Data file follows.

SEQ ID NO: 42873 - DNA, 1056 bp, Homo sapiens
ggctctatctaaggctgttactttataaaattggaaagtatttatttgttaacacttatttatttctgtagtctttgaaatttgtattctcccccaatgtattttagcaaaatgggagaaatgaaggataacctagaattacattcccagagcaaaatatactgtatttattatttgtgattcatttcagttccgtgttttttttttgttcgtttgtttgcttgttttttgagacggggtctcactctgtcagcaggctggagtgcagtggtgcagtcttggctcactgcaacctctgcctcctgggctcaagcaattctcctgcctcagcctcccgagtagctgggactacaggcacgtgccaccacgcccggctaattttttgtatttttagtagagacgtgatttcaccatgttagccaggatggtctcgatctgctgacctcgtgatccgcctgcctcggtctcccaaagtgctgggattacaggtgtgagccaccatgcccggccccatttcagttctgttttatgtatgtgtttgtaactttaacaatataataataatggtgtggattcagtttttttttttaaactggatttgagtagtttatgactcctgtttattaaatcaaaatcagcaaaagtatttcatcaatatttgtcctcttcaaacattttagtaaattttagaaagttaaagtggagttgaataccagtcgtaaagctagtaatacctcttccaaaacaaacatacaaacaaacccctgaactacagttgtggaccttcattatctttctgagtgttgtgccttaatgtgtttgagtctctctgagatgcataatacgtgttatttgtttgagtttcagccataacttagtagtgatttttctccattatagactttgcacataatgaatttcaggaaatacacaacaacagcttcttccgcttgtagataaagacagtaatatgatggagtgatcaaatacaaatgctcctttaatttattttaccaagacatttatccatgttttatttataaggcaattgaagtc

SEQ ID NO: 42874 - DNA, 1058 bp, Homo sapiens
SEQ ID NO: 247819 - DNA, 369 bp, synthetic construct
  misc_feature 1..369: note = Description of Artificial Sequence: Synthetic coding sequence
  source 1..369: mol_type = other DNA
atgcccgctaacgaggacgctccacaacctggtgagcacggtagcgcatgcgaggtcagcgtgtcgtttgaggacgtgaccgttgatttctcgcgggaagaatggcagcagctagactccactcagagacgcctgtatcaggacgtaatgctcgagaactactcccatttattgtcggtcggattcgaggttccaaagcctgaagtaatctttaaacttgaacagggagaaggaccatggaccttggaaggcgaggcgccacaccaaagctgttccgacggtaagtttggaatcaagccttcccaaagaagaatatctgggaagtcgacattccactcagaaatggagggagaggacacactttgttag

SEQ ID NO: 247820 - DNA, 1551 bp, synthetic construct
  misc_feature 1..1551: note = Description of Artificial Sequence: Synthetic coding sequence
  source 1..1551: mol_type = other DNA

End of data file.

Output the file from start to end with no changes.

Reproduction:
SEQ ID NO: 42873 - DNA, 1056 bp, Homo sapiens
ggctctatctaaggctgttactttataaaattggaaagtatttatttgttaacacttatttatttctgtagtctttgaaatttgtattctcccccaatgtattttagcaaaatgggagaaatgaaggataacctagaattacattcccagagcaaaatatactgtatttattatttgtgattcatttcagttccgtgttttttttttgttcgtttgtttgcttgttttttgagacggggtctcactctgtcagcaggctggagtgcagtggtgcagtcttggctcactgcaacctctgcctcctgggctcaagcaattctcctgcctcagcctcccgagtagctgggactacaggcacgtgccaccacgcccggctaattttttgtatttttagtagagacgtgatttcaccatgttagccaggatggtctcgatctgctgacctcgtgatccgcctgcctcggtctcccaaagtgctgggattacaggtgtgagccaccatgcccggccccatttcagttctgttttatgtatgtgtttgtaactttaacaatataataataatggtgtggattcagtttttttttttaaactggatttgagtagtttatgactcctgtttattaaatcaaaatcagcaaaagtatttcatcaatatttgtcctcttcaaacattttagtaaattttagaaagttaaagtggagttgaataccagtcgtaaagctagtaatacctcttccaaaacaaacatacaaacaaacccctgaactacagttgtggaccttcattatctttctgagtgttgtgccttaatgtgtttgagtctctctgagatgcataatacgtgttatttgtttgagtttcagccataacttagtagtgatttttctccattatagactttgcacataatgaatttcaggaaatacacaacaacagcttcttccgcttgtagataaagacagtaatatgatggagtgatcaaatacaaatgctcctttaatttattttaccaagacatttatccatgttttatttataaggcaattgaagtc

SEQ ID NO: 42874 - DNA, 1058 bp, Homo sapiens
SEQ ID NO: 247819 - DNA, 369 bp, synthetic construct
  misc_feature 1..369: note = Description of Artificial Sequence: Synthetic coding sequence
  source 1..369: mol_type = other DNA
atgcccgctaacgaggacgctccacaacctggtgagcacggtagcgcatgcgaggtcagcgtgtcgtttgaggacgtgaccgttgatttctcgcgggaagaatggcagcagctagactccactcagagacgcctgtatcaggacgtaatgctcgagaactactcccatttattgtcggtcggattcgaggttccaaagcctgaagtaatctttaaacttgaacagggagaaggaccatggaccttggaaggcgaggcgccacaccaaagctgttccgacggtaagtttggaatcaagccttcccaaagaagaatatctgggaagtcgacattccactcagaaatggagggagaggacacactttgttag

SEQ ID NO: 247820 - DNA, 1551 bp, synthetic construct
  misc_feature 1..1551: note = Description of Artificial Sequence: Synthetic coding sequence
  source 1..1551: mol_type = other DNA